00:00 Saturday 28 April 2012  Written by ILN QUINLAN

Enniskeane mans bucket souvenir of papal visit

TO MOST people it's just a humble plastic bucket, but to pensioner John Joe McCarthy it's a valued souvenir of one of the most fascinating days in his life - the day Pope John Paul II came to Limerick.

At a time when the Catholic Church is in crisis and fundamental pillars of Church policy, such as the ordination of women and compulsory celibacy, are being questioned by the majority of practising Catholics, this West Cork pensioner remains deeply faithful to the Church.

So much so that John Joe is planning to present a simple black plastic bucket, which he has had mounted on a slab of marble, to his former school, in memory of the Pope's visit to Ireland more than 30 years ago.

On September 29th, 1979, John Joe rose at 4.30am to catch the train to Limerick for the long-awaited visit by the head of the Catholic Church with his late wife Joan and young son - and brought the bucket with him to Limerick Racecourse.

'I used the bucket to carry my provisions for the day - my lunch, my camera and my binoculars,' he says, quipping that the solid two-gallon bucket, which measures more than 12 inches in height, also served two other important functions.

'I used the bucket to sit on and I also turned it over and stood on it in order to take pictures of the Pope as he passed in front of me in his Popemobile! So the bucket had three functions! I kept it all these years as a souvenir of the Pope's visit to Ireland.'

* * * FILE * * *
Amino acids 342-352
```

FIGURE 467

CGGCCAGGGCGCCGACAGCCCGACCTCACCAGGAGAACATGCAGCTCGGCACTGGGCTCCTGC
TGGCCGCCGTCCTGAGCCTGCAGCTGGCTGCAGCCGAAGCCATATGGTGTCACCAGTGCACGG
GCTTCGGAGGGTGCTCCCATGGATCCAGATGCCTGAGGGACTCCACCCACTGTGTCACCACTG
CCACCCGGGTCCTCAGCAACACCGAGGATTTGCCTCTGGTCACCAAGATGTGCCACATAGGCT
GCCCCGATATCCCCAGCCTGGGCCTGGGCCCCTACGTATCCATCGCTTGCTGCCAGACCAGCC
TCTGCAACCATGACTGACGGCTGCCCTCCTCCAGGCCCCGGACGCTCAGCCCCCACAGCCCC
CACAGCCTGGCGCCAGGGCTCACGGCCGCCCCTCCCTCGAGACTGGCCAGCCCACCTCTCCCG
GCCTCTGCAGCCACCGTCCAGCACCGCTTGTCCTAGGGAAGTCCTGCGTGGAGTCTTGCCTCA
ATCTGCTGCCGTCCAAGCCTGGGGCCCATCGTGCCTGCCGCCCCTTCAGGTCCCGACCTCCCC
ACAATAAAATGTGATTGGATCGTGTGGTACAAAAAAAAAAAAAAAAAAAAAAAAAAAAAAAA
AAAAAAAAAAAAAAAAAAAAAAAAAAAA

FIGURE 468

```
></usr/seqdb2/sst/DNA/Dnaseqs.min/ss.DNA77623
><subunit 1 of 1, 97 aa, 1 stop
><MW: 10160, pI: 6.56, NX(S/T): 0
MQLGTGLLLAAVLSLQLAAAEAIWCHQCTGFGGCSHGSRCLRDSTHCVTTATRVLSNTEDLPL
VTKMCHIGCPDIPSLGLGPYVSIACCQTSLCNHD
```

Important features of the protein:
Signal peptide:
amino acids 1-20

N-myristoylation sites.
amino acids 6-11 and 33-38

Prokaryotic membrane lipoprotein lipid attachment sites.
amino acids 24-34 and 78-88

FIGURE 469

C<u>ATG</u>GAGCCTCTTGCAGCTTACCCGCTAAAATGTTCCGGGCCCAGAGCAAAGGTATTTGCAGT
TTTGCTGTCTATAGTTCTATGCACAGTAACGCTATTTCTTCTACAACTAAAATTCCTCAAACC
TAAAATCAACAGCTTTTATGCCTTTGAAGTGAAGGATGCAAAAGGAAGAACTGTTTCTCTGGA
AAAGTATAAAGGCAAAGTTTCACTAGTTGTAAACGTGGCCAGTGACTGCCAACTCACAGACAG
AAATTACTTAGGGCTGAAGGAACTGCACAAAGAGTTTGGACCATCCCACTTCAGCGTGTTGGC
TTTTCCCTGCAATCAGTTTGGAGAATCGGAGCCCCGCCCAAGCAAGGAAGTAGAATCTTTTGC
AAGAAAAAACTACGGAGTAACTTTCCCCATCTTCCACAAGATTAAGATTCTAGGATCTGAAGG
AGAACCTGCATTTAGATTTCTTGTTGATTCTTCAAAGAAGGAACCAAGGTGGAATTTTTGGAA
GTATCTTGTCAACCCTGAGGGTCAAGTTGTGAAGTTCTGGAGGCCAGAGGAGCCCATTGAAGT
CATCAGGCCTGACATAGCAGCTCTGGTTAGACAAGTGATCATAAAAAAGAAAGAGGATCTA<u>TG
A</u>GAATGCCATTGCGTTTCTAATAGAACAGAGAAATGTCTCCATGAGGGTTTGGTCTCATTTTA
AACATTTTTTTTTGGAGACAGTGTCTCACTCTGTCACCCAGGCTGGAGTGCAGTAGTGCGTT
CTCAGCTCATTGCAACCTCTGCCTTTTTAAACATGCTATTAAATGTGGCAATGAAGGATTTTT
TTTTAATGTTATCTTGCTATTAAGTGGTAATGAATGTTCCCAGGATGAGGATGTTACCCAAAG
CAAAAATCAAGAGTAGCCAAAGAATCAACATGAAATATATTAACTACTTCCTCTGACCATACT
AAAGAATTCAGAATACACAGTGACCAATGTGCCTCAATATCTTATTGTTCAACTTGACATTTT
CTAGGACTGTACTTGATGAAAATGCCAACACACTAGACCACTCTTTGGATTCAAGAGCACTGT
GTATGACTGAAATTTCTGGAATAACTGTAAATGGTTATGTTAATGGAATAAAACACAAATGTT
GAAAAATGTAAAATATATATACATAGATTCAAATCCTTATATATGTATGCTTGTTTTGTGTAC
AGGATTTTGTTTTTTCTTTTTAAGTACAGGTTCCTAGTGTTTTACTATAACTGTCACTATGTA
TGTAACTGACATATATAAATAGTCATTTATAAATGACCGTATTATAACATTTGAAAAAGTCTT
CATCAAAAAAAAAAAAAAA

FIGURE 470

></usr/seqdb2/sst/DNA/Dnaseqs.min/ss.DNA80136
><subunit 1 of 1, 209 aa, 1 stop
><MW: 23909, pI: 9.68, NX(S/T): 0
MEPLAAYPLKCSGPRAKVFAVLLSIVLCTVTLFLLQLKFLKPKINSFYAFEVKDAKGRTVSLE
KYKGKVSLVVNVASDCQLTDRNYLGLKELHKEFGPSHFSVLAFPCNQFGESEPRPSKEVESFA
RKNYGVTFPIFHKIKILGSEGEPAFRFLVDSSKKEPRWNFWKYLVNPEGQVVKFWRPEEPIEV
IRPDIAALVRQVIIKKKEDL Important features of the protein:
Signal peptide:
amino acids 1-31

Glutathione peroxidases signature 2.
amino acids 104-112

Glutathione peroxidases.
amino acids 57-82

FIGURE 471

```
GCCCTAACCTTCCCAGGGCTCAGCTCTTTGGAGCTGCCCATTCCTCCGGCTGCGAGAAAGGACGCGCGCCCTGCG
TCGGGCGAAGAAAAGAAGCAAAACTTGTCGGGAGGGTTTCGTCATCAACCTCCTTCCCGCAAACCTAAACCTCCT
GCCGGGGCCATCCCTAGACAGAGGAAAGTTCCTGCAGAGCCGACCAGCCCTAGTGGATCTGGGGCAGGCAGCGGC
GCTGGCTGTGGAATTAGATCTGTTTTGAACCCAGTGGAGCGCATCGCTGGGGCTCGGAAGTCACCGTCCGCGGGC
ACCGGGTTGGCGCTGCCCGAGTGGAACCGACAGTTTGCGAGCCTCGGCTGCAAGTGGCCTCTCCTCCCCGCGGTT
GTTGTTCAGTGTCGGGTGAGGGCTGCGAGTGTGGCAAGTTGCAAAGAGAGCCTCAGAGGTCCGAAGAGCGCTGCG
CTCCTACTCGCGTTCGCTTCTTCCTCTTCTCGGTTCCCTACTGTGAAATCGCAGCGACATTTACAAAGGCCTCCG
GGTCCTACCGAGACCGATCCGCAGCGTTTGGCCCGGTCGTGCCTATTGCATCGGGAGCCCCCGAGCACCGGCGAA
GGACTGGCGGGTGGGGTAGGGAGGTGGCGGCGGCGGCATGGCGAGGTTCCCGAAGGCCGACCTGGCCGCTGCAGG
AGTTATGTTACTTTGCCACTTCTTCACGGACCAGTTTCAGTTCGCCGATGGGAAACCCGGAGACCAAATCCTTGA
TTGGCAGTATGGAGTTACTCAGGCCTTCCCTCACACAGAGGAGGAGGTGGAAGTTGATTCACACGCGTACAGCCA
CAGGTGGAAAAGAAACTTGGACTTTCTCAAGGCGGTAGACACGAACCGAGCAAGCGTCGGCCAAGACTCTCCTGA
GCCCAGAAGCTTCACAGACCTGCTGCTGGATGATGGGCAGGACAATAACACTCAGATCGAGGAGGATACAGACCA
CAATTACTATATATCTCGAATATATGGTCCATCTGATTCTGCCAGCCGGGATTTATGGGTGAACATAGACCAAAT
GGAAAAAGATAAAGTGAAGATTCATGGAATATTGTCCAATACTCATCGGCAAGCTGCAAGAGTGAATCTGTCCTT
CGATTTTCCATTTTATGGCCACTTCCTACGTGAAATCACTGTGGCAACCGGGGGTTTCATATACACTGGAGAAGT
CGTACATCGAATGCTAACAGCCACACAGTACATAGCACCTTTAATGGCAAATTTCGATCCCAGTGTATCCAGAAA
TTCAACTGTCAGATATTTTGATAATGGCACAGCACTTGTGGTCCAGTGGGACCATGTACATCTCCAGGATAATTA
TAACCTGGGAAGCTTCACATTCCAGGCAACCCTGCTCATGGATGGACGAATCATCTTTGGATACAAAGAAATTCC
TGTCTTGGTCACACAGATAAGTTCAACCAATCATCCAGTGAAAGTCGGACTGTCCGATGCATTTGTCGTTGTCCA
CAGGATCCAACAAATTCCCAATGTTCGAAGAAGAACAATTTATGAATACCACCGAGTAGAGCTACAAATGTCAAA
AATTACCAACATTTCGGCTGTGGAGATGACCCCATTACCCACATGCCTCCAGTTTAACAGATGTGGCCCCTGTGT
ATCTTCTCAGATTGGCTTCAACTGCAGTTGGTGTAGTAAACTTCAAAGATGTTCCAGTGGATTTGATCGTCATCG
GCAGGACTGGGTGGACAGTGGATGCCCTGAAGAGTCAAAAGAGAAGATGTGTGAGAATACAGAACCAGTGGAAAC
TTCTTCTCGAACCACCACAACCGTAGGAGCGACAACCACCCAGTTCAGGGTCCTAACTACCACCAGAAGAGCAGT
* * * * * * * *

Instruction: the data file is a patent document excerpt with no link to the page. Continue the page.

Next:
He moved house during that time, from Tipperary, to Mallow and then to the West Cork village of Enniskeane - and each time he moved, the bucket came with him.

However, the announcement earlier this year that the Eucharistic Congress was to take place in Dublin prompted him to take action.

'I thought about the bucket and I felt I should hand it over to the school where I was a pupil,' he says.

John Joe now plans to make a presentation of the bucket, along with a laminated notice which explains the story behind the bucket, to Ahiohill National School, of which he is a former pupil - he left the school in the 1940s.

'I originally wanted to have an inscription put on the bucket, but because it is made of plastic this could not be done. Instead I have written out the background to the story and laminated it. I also have a marble slab on which to display the bucket.'

Another reason why he intends to present the bucket to the school, he says, is because the pupils and teachers there have created a museum in a room in the school which celebrates the heritage and culture of the surrounding area.

'It's an excellent museum, they even have a spinning wheel'.

'I will present it to the school in mid-May and it will go into the museum there and will be a memory of the Pope's visit to Ireland.'

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